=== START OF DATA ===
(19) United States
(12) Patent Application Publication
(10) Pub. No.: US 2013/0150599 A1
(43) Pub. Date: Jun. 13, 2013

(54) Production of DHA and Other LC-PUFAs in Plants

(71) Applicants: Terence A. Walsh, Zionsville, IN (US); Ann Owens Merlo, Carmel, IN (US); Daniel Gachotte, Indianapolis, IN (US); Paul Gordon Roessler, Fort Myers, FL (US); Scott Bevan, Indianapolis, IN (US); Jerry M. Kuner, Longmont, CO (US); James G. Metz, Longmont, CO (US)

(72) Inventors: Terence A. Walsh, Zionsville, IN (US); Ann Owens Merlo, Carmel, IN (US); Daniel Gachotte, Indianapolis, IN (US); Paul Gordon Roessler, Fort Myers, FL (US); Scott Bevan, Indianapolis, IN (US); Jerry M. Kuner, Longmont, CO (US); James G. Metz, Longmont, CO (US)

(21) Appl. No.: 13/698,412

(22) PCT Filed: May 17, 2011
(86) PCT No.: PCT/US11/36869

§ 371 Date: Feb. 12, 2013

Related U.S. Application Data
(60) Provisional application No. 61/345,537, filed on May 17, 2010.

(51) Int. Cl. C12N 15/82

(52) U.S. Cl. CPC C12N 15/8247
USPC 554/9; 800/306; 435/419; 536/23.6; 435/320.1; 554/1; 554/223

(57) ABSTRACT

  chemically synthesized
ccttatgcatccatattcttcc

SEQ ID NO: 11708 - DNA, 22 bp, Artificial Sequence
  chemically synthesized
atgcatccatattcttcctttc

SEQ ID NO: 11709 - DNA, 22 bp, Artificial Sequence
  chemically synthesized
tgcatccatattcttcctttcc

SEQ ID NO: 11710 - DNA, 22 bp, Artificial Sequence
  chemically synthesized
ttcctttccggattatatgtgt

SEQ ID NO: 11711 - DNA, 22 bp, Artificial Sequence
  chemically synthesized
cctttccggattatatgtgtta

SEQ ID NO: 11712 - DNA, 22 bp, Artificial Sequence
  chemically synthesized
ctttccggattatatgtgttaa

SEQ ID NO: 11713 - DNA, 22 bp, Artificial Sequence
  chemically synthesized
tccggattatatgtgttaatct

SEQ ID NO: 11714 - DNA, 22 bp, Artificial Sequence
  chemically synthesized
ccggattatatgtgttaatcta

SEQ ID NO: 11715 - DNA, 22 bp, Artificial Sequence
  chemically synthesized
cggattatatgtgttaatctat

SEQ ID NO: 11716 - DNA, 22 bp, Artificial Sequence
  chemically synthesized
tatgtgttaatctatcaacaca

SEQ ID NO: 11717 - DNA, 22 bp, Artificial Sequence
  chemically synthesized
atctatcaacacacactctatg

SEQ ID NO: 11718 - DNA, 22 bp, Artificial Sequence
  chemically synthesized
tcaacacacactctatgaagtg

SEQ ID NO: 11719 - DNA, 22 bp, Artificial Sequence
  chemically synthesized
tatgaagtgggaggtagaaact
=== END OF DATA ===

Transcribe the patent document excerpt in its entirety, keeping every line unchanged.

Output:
(19) United States
(12) Patent Application Publication
(10) Pub. No.: US 2013/0150599 A1
(43) Pub. Date: Jun. 13, 2013

(54) Production of DHA and Other LC-PUFAs in Plants

(71) Applicants: Terence A. Walsh, Zionsville, IN (US); Ann Owens Merlo, Carmel, IN (US); Daniel Gachotte, Indianapolis, IN (US); Paul Gordon Roessler, Fort Myers, FL (US); Scott Bevan, Indianapolis, IN (US); Jerry M. Kuner, Longmont, CO (US); James G. Metz, Longmont, CO (US)

(72) Inventors: Terence A. Walsh, Zionsville, IN (US); Ann Owens Merlo, Carmel, IN (US); Daniel Gachotte, Indianapolis, IN (US); Paul Gordon Roessler, Fort Myers, FL (US); Scott Bevan, Indianapolis, IN (US); Jerry M. Kuner, Longmont, CO (US); James G. Metz, Longmont, CO (US)

(21) Appl. No.: 13/698,412

(22) PCT Filed: May 17, 2011
(86) PCT No.: PCT/US11/36869

§ 371 Date: Feb. 12, 2013

Related U.S. Application Data
(60) Provisional application No. 61/345,537, filed on May 17, 2010.

(51) Int. Cl. C12N 15/82

(52) U.S. Cl. CPC C12N 15/8247
USPC 554/9; 800/306; 435/419; 536/23.6; 435/320.1; 554/1; 554/223

(57) ABSTRACT

  chemically synthesized
ccttatgcatccatattcttcc

SEQ ID NO: 11708 - DNA, 22 bp, Artificial Sequence
  chemically synthesized
atgcatccatattcttcctttc

SEQ ID NO: 11709 - DNA, 22 bp, Artificial Sequence
  chemically synthesized
tgcatccatattcttcctttcc

SEQ ID NO: 11710 - DNA, 22 bp, Artificial Sequence
  chemically synthesized
ttcctttccggattatatgtgt

SEQ ID NO: 11711 - DNA, 22 bp, Artificial Sequence
  chemically synthesized
cctttccggattatatgtgtta

SEQ ID NO: 11712 - DNA, 22 bp, Artificial Sequence
  chemically synthesized
ctttccggattatatgtgttaa

SEQ ID NO: 11713 - DNA, 22 bp, Artificial Sequence
  chemically synthesized
tccggattatatgtgttaatct

SEQ ID NO: 11714 - DNA, 22 bp, Artificial Sequence
  chemically synthesized
ccggattatatgtgttaatcta

SEQ ID NO: 11715 - DNA, 22 bp, Artificial Sequence
  chemically synthesized
cggattatatgtgttaatctat

SEQ ID NO: 11716 - DNA, 22 bp, Artificial Sequence
  chemically synthesized
tatgtgttaatctatcaacaca

SEQ ID NO: 11717 - DNA, 22 bp, Artificial Sequence
  chemically synthesized
atctatcaacacacactctatg

SEQ ID NO: 11718 - DNA, 22 bp, Artificial Sequence
  chemically synthesized
tcaacacacactctatgaagtg

SEQ ID NO: 11719 - DNA, 22 bp, Artificial Sequence
  chemically synthesized
tatgaagtgggaggtagaaact